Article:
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IBM’s weak results hide its growth potential

This article was originally published on Fool.com. All figures quoted in US dollars unless otherwise stated.

At first glance, International Business Machines' (NYSE: IBM) third-quarter results looked disappointing, featuring declining revenue and shrinking earnings per share. But as has often been the case with the giant tech company, one-time items again muddied the picture. And based on conditions in its underlying business, the stock may constitute an interesting investment opportunity.

Weak results

IBM's revenue declined by 3.9% year over year to $18.0 billion during the third quarter. But excluding the effects of foreign currency and divestitures, the top line fell only 0.6%. Still, the company's fifth consecutive quarter of revenue declines should worry investors, especially since this was the first time that figure included $371 million from IBM's $34 billion Red Hat acquisition. 

Also, IBM's GAAP operating margin dropped from 16.0% to 8.4%. And despite an effective tax rate of negative 9.9%, its GAAP net income decreased 38% year over year, from $2.69 billion to $1.67 billion. 

During the earnings call, management highlighted the point that they had cut the company's $73 billion debt load by $6.7 billion to $66.3 billion. But that success isn't as significant as management suggested, due to the decrease in cash and equivalents. Excluding the impact of the Red Hat acquisition on IBM's cash balance, its net debt decreased by only $3.85 billion compared to the previous quarter.

Temporary issues

Short-term challenges explain the quarter's negative results.

Revenue from IBM's systems segment, which includes servers and storage systems, dropped 14.7%. But that performance shouldn't surprise investors. The third quarter marked the end of an IBM product cycle -- the company started shipping its new mainframe z15 server during the last week of September. Thus, revenue from the systems segment should increase over the next several quarters.

The decline in IBM's global technology services -- GTS -- was more surprising. GTS consists of managed and outsourcing services, cloud-delivered services, and maintenance activities. Since this segment provided 38.8% of the company's total revenue at a gross profit margin of 35.8% during the quarter, its performance impacted IBM in a meaningful way.

Management pinned the 5.3% decline in GTS revenue on a lack of extra business beyond that which the segment booked prior to the quarter. But that should turn around since signings -- a leading indicator of revenue -- increased by 20% during the third quarter.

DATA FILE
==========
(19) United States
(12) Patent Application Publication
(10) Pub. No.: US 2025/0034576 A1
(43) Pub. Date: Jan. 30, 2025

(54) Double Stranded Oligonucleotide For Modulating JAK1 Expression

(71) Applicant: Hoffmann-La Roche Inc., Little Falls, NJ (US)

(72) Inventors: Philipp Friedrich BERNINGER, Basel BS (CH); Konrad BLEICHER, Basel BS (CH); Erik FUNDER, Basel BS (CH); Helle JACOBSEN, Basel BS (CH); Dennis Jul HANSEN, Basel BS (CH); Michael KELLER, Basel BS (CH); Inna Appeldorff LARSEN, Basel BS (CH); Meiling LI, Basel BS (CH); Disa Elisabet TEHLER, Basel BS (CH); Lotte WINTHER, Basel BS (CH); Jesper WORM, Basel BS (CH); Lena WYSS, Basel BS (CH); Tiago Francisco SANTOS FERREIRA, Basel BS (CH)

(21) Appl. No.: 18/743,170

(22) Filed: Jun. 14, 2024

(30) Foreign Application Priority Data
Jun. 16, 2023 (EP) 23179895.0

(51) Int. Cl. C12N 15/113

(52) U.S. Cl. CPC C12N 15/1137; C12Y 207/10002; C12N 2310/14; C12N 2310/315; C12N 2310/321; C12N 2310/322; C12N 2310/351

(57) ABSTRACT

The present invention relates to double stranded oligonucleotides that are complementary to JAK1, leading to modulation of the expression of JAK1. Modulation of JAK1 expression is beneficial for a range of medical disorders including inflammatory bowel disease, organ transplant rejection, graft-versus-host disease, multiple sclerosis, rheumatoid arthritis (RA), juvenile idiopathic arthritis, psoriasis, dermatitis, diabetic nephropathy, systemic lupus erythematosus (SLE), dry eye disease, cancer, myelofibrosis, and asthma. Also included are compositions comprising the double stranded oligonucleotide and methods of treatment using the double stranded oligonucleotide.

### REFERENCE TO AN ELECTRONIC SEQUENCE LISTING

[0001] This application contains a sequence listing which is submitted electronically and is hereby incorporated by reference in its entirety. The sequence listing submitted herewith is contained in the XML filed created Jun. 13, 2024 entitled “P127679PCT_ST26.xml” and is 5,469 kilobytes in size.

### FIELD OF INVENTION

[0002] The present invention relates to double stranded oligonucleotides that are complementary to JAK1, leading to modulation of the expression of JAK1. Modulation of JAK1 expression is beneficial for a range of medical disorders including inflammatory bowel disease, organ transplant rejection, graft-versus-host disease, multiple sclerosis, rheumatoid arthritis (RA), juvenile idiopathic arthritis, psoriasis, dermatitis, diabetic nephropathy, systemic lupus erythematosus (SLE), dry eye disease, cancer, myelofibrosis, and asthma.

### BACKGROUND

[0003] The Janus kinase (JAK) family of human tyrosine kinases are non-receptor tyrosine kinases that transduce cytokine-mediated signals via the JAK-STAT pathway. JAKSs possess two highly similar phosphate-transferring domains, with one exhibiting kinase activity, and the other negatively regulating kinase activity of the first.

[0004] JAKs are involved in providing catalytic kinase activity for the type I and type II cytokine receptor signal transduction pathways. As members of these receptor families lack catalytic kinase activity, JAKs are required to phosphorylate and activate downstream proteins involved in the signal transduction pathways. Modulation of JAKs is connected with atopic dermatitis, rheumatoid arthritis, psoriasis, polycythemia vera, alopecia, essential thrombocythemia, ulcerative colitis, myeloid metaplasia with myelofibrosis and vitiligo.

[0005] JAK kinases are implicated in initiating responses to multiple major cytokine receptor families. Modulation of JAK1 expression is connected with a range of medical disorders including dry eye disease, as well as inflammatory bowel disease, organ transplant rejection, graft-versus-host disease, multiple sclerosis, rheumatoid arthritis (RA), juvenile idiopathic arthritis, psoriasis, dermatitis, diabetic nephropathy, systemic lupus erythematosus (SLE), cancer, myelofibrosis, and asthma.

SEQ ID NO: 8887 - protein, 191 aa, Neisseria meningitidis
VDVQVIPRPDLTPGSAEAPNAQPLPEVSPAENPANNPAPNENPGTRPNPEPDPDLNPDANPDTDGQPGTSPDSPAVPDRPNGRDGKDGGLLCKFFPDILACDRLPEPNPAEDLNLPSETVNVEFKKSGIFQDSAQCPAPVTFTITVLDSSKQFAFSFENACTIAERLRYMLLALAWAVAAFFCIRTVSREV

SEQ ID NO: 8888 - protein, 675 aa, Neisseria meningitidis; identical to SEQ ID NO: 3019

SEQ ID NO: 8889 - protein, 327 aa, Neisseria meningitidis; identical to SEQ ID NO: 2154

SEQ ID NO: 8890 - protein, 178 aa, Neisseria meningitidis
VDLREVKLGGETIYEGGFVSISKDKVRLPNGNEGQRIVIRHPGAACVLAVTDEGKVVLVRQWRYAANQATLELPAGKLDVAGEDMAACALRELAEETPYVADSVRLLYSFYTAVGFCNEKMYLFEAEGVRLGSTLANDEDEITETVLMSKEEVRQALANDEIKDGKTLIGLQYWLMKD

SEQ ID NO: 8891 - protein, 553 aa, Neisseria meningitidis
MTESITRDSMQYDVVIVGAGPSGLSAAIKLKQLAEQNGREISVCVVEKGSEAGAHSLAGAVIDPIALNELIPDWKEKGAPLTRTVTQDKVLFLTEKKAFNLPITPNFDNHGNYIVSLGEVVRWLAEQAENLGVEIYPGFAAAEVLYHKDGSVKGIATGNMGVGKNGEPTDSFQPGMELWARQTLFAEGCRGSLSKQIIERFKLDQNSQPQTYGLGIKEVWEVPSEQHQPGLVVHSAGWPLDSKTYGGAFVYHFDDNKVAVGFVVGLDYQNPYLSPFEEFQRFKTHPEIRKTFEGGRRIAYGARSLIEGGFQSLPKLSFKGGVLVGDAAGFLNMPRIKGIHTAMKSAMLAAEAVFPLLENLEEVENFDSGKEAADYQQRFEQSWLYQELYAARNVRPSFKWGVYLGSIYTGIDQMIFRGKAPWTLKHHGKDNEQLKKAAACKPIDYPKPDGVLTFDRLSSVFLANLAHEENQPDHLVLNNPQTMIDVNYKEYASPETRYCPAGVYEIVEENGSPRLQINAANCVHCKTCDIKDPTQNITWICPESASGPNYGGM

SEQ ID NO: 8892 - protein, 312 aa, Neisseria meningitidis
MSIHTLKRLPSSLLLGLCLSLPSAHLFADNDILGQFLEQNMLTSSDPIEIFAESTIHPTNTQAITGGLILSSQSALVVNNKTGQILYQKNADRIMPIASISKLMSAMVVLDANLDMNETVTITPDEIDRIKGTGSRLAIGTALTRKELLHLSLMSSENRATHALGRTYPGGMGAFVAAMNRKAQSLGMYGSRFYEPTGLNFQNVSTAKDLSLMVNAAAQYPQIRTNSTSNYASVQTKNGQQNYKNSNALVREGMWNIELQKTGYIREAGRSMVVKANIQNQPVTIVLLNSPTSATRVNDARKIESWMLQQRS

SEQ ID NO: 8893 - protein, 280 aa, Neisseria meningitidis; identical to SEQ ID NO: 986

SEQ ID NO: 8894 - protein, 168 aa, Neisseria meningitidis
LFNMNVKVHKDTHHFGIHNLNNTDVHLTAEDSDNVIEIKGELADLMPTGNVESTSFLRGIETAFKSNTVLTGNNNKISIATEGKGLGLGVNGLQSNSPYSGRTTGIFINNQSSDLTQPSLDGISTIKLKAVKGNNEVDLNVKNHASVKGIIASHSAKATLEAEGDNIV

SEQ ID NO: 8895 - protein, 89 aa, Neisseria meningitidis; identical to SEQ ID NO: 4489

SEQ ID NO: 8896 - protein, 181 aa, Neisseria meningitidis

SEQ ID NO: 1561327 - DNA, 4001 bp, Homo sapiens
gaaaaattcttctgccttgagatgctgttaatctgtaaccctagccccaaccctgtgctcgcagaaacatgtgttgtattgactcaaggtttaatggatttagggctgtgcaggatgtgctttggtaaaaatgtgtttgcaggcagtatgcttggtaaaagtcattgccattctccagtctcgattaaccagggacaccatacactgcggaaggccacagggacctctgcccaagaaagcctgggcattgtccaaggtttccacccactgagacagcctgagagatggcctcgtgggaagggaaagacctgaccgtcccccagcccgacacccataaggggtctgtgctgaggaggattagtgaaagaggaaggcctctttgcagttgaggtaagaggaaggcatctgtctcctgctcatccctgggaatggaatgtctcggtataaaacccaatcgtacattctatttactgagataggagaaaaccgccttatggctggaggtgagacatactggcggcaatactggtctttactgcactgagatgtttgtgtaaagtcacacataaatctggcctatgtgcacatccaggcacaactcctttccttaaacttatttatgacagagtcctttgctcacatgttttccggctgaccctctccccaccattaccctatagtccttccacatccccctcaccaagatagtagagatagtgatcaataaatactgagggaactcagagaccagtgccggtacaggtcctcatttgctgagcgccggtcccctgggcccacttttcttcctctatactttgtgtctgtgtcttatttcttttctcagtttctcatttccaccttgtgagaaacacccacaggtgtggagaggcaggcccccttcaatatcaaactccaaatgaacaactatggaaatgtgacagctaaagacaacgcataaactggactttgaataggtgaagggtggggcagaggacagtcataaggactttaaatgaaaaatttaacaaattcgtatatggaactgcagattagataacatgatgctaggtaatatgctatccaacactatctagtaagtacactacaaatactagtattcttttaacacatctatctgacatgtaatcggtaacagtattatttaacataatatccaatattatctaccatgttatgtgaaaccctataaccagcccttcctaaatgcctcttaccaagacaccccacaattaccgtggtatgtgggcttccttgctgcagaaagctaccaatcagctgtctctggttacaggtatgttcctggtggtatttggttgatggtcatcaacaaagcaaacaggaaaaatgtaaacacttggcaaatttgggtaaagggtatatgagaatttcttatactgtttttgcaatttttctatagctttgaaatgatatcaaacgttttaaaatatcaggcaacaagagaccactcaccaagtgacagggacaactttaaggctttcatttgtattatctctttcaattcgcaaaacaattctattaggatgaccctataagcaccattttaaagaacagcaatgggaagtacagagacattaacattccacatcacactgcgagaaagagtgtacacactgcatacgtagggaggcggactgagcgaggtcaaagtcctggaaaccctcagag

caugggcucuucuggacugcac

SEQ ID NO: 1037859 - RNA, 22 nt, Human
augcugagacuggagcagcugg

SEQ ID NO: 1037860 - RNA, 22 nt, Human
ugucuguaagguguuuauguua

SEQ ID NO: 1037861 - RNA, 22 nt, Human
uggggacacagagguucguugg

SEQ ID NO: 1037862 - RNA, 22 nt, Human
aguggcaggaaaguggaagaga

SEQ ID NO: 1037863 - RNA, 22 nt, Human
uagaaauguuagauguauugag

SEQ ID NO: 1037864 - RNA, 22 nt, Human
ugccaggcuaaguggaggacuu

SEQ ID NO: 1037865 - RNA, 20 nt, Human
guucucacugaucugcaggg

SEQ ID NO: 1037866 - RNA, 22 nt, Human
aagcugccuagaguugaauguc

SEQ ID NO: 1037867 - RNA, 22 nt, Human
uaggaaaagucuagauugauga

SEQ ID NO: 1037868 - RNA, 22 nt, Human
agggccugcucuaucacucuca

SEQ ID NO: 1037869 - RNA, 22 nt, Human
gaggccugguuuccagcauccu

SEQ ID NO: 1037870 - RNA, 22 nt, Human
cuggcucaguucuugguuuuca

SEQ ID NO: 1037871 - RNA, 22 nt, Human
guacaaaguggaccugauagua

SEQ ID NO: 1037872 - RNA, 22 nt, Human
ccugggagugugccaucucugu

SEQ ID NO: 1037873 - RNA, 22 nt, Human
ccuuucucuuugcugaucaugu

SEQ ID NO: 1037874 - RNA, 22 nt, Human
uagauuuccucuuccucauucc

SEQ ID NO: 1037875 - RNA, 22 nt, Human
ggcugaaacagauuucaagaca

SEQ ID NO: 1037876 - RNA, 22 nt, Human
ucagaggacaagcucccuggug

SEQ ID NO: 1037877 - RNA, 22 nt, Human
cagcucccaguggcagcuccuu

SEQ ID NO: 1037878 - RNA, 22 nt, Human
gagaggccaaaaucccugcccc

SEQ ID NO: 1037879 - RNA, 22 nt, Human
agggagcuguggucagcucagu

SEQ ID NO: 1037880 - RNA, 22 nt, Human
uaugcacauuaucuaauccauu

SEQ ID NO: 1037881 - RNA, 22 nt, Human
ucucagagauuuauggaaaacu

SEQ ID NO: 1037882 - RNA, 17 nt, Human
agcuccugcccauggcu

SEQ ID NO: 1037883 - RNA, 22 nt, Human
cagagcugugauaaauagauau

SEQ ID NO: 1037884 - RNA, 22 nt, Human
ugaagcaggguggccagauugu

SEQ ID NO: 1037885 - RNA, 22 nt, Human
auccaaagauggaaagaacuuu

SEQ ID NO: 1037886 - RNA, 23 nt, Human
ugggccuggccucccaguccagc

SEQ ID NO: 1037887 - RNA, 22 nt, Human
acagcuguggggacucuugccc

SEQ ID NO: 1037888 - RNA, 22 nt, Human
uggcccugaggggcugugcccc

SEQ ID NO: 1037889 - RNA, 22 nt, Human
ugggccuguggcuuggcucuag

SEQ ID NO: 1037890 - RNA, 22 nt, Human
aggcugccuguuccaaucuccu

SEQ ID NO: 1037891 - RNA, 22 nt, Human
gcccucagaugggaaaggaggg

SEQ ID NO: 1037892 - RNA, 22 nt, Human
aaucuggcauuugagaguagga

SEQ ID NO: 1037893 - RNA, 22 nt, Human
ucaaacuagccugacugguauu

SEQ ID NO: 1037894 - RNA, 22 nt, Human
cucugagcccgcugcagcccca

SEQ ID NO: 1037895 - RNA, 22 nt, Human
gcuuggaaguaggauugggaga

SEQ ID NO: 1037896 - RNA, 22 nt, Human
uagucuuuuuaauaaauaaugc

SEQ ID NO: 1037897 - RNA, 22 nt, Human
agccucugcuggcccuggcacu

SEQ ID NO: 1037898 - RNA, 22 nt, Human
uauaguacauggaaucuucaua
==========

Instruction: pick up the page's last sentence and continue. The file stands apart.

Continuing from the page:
Growth on the horizon

Beyond the challenging short-term results, there are credible scenarios for IBM to deliver revenue growth.

Under GAAP rules, Red Hat contributed $371 million to IBM's revenue during this recent quarter, but had it remained an independent company, with the same underlying results, it would have reported revenue of $987 million. The difference arises from a rule that requires companies to recognize their acquisitions' deferred revenues at fair value. This has one important consequence: It will lower the amount of revenue IBM will recognize from its Red Hat acquisition over the next few quarters. But it will also give the company favorable comparisons further down the road.

In addition, since Red Hat was purchased, its normalized revenue growth accelerated from percentages in the mid-teens to 20%. IBM is already taking advantage of cross-selling opportunities to propose Red Hat solutions to its large client base. 

And taking into account the new product cycle in IBM's systems segment, management confirmed it is still targeting revenue growth in the mid-single-digit percentages over the medium term -- the same forecast it announced after the Red Hat acquisition.

A simple and attractive investment proposition

With only one quarter left in 2019, IBM's management still forecasts non-GAAP earnings per share and free cash flow to reach $12.80 and $12 billion, respectively, for the year.

At the time of this writing, the market values this tech stock at a forward P/E ratio of 10.2 and at a free-cash-flow multiple of 9.9. Those modest valuation figures indicate the market doesn't expect much growth. Thus, long-term investors should consider IBM as a slow-growth investment at a reasonable price.

This article was originally published on Fool.com. All figures quoted in US dollars unless otherwise stated.

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Herve Blandin owns shares of IBM. The Motley Fool Australia's parent company Motley Fool Holdings Inc. has the following options: long January 2020 $200 calls on IBM, short January 2020 $200 puts on IBM, and short January 2020 $155 calls on IBM. The Motley Fool Australia has no position in any of the stocks mentioned. We Fools may not all hold the same opinions, but we all believe that considering a diverse range of insights makes us better investors. The Motley Fool has a disclosure policy. This article contains general investment advice only (under AFSL 400691). Authorised by Scott Phillips.

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